You are here

Russia and eastern neighbours

Although the EU’s eastern neighbourhood is of strategic importance, the Union’s relations with the states of the region vary significantly.That said, there are high levels of interdependence between the EU and (virtually all of) its eastern neighbours in a number of different spheres - from trade and energy flows, to the joint management of security challenges and migration. The EU develops its policies in the region along two major strands - a strategic relationship with Russia, and the European Neighbourhood Policy (ENP) and Eastern Partnership (EaP) Policy in its relations with Ukraine, Moldova, Belarus, Georgia, Armenia and Azerbaijan.

Russia is the EU’s biggest neighbour – and one of its most important, but also challenging partners. Over the past 15 years, the EU and Russia have developed a deep and complex network of political ties and diplomatic contacts. Yet, Moscow’s actions in Ukraine have greatly strained EU-Russia relations in recent years: tensions around Ukraine now dominate a relationship which once was mostly built on fostering trade and energy cooperation, a security dialogue, and a process that aims at liberalising visas.Elsewhere in the eastern neighbourhood, the cornerstones of the EU policy are the Association Agreements, which contain provisions on the establishment of deep and comprehensive free trade areas. Such Agreements have been signed and are implemented by Ukraine, Moldova and Georgia. Relations with the other neighbours – Armenia, Azerbaijan and Belarus – are also advancing, but on a more modest scale than the frontrunners.

Pages

  • Download document
    01 November 2003

    EU enlargement raises important questions: How much further can the EU enlarge? Should the EU encompass geographic ‘Europe’ or stop at the western border of the CIS? Article 49 of the Treaty on European Union (TEU) clearly allows any geographically based European state to apply for membership.

  • 01 September 2003

    With the current 'big bang' enlargement nearing its conclusion, it has become crucial to assess if and to what extent the European Union can and will widen further. The ISS devoted a seminar to this issue, with participants from both current and future member states.

  • Download document
    01 July 2003

    EU-Russian security cooperation remains nascent, but some important ground has been cleared since 2000. Yet, the dialogue is neither without ambiguity or problems. It is replete with both. This Occasional Paper examines three facets of EU-Russia security relations.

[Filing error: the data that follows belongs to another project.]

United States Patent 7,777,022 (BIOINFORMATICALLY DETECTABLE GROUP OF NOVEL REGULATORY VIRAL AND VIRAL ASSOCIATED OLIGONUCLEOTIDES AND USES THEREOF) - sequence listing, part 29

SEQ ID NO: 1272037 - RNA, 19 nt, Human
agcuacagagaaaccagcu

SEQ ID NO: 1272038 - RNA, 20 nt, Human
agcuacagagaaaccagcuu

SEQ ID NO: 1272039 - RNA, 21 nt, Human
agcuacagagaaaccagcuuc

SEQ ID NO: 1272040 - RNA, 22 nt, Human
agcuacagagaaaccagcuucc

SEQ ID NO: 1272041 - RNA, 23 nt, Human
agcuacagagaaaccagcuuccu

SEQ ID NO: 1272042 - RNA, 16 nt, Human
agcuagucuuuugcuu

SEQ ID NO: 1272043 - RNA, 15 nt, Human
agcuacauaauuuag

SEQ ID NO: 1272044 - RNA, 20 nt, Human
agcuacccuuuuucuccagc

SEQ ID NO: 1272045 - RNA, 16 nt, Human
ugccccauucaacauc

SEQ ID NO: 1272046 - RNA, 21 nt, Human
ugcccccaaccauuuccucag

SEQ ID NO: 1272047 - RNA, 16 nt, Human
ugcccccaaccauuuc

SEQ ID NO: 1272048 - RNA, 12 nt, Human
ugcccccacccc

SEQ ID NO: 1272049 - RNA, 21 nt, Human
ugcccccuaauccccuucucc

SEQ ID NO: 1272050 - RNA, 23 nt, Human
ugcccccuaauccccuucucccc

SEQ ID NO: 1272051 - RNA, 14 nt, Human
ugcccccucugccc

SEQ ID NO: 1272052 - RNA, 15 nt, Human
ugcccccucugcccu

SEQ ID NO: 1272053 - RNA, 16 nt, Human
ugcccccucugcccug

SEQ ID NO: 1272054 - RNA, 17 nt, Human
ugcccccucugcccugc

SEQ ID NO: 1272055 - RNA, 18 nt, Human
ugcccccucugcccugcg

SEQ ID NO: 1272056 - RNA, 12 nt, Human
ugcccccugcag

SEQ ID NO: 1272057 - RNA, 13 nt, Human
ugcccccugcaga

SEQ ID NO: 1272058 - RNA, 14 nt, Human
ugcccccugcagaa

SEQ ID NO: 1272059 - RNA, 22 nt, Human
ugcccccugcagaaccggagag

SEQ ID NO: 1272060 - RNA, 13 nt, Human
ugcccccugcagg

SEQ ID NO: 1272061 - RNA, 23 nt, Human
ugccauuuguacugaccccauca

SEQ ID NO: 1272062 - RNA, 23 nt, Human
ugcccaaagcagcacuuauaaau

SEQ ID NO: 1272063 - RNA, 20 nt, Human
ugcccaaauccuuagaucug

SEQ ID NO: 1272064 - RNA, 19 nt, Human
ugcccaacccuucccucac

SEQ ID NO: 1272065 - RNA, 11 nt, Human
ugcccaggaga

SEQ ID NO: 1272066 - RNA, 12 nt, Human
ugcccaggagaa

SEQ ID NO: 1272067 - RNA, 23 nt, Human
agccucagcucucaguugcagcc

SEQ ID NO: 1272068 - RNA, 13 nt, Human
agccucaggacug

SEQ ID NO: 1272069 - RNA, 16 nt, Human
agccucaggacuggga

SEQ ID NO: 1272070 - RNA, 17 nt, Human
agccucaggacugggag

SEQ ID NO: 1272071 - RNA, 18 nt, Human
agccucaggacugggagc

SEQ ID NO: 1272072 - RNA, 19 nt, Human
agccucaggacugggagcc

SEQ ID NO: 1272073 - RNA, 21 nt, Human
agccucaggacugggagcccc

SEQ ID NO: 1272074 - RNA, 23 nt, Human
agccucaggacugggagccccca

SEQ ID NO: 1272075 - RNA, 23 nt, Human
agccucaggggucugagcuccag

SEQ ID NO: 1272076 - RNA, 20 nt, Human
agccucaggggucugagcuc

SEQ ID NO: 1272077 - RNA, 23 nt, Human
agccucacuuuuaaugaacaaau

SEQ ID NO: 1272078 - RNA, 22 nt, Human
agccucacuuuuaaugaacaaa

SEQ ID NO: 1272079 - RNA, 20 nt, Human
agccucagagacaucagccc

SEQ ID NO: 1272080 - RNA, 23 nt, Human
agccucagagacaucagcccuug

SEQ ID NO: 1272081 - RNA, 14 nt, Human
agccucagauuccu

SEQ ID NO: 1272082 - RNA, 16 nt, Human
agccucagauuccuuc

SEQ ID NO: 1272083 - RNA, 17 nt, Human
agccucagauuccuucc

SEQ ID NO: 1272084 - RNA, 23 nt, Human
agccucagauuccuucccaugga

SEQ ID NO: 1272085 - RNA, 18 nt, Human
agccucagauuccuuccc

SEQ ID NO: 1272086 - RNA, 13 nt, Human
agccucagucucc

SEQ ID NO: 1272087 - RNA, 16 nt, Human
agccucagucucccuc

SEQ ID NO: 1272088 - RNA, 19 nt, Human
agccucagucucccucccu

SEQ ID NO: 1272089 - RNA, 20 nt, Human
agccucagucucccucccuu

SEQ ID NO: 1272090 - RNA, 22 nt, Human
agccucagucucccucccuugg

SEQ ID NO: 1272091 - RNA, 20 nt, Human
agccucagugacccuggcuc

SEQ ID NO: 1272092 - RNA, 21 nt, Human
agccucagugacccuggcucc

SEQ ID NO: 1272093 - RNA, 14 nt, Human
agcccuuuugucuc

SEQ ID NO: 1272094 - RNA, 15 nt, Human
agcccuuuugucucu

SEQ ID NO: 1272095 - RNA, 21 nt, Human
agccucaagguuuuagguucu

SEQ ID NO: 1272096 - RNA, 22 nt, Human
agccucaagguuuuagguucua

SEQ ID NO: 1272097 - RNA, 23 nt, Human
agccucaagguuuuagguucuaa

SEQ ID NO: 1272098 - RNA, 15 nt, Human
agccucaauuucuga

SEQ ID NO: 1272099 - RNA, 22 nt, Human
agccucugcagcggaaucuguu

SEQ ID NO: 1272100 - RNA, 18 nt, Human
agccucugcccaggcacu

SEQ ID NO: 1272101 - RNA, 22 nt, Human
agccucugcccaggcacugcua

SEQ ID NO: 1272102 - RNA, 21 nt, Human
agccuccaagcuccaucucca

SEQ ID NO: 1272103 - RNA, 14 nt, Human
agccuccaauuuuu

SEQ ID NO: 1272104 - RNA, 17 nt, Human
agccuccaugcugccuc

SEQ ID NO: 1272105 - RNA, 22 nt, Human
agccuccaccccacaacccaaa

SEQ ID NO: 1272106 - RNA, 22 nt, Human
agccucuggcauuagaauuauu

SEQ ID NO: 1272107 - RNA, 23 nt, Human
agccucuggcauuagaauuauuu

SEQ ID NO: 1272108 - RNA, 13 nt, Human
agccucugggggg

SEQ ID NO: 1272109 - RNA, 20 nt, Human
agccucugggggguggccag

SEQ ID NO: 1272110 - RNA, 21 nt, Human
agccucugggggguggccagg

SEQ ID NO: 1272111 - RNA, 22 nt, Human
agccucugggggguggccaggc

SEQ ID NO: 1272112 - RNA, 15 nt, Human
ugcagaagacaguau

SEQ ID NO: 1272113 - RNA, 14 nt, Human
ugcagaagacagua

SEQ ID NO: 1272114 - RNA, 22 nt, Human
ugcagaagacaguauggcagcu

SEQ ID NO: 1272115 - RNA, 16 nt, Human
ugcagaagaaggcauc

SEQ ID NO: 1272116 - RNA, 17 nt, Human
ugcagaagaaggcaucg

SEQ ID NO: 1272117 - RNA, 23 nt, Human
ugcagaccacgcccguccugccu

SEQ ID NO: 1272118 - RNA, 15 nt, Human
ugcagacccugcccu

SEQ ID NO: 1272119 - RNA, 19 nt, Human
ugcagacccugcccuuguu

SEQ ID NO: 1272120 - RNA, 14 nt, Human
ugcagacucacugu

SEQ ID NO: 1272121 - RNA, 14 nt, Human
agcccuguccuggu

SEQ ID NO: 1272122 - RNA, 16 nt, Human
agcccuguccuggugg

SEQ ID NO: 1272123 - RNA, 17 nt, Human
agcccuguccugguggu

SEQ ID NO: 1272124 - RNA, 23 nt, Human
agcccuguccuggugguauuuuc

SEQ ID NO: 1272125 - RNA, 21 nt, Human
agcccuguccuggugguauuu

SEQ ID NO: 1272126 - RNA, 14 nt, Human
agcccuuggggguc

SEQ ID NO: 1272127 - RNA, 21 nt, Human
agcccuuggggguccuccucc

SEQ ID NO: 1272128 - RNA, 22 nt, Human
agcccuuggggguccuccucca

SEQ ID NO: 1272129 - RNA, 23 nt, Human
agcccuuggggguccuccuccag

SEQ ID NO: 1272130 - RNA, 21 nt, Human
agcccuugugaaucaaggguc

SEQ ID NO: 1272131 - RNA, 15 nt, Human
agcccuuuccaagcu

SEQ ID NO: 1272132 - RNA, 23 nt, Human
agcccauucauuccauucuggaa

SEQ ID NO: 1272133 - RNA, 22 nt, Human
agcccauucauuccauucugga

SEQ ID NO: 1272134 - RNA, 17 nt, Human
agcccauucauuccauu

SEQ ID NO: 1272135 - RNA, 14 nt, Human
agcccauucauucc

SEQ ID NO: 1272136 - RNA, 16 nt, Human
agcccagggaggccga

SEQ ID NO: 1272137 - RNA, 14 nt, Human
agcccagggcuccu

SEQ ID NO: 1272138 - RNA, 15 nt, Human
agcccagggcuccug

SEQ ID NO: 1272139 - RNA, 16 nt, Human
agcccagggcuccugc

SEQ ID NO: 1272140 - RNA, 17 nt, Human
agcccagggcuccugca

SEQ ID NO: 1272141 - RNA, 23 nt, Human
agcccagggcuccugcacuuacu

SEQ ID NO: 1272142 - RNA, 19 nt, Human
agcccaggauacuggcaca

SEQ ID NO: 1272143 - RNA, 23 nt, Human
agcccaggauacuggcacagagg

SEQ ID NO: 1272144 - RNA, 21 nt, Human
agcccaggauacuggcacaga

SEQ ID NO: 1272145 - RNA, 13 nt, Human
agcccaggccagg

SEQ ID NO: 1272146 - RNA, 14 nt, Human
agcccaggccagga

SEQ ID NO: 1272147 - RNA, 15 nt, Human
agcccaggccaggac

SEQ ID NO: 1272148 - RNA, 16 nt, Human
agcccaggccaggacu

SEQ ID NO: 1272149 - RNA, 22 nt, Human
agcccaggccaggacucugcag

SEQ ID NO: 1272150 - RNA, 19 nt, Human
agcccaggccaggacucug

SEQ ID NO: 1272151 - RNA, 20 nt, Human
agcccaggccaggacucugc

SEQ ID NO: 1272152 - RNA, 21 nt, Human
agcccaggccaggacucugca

• Download document
    01 June 2003

    During the last year, the Institute has participated in a consortium of policy research organisations in the United States, Europe, Russia and Asia that aims to strengthen the G-8’s ‘Global Partnership against the Spread of Weapons of Mass Destruction’ initiative. The consortium, led by the Centre for Strategic and International Studies (CSIS, Washington, DC), seeks to support and promote cooperative threat reduction (CTR) activities.

  • 16 May 2003

    The first meeting of the new Task Force on the Caucasus was held on May 16, 2003 at the EUISS in Paris. The conference was entitled 'Security and Insecurity in the South Caucasus', and brought together officials from concerned European ministries, officials from the EU Council and the Commission and a range of international experts on the region.

  • Download document
    01 May 2003

    Despite the crisis in Iraq, President Vladimir Putin has accelerated a strategy of alignment between Russia and the states and security organisations of the Euro-Atlantic community. In this, Moscow has dropped previously held notions of multipolarity in which Russia figured as an independent, if enfeebled, ‘pole’, balancing off other ‘poles’ in international affairs.

  • Download document
    01 January 2003

    Lancé lors d’une réunion des ministres des affaires étrangères, le Pacte de stabilité a vu le jour en juin 1999. Cette nouvelle structure a pour ambition d’accompagner les Balkans pendant la période transitoire précédant leur intégration dans les structures euro-atlantiques.

  • 11 September 2002

    A seminar on 'The EU and Russia: a Security Partnership?', in association with the Russia and Eurasia Programme of the Royal Institute of International Affairs, took place at the Institute on 25 March 2002.

  • 01 September 2002

    The year following 11 September witnessed Russian movement on a wide front. In the flurry, however, the origins of Russian shifts have been obscured. It is worth recalling that they reside not so much in September 2001 as in 1999. 11 September was an accelerator, not a turning point.

  • Download document
    01 September 2002

    The official Polish position on the future of the European Union is characterised above all by continuity and evolution. ... Following a period of ‘uninformed enthusiasm’ in the formulation of the official position,the Polish government is trying to anticipate the role that Poland may play as a future member,albeit a member of somewhat limited potential.

Pages

Pages

  • Download document
    01 May 1993

    In Europe the collapse of the communist system has given rise to great aspirations to democracy and civil rights. At the same time, new tensions are accompanying this move to democracy, whether in connection with the right to self-determination, minority rights, or the dissolution of former compound states - the USSR, Yugoslavia and Czechoslovakia.

Pages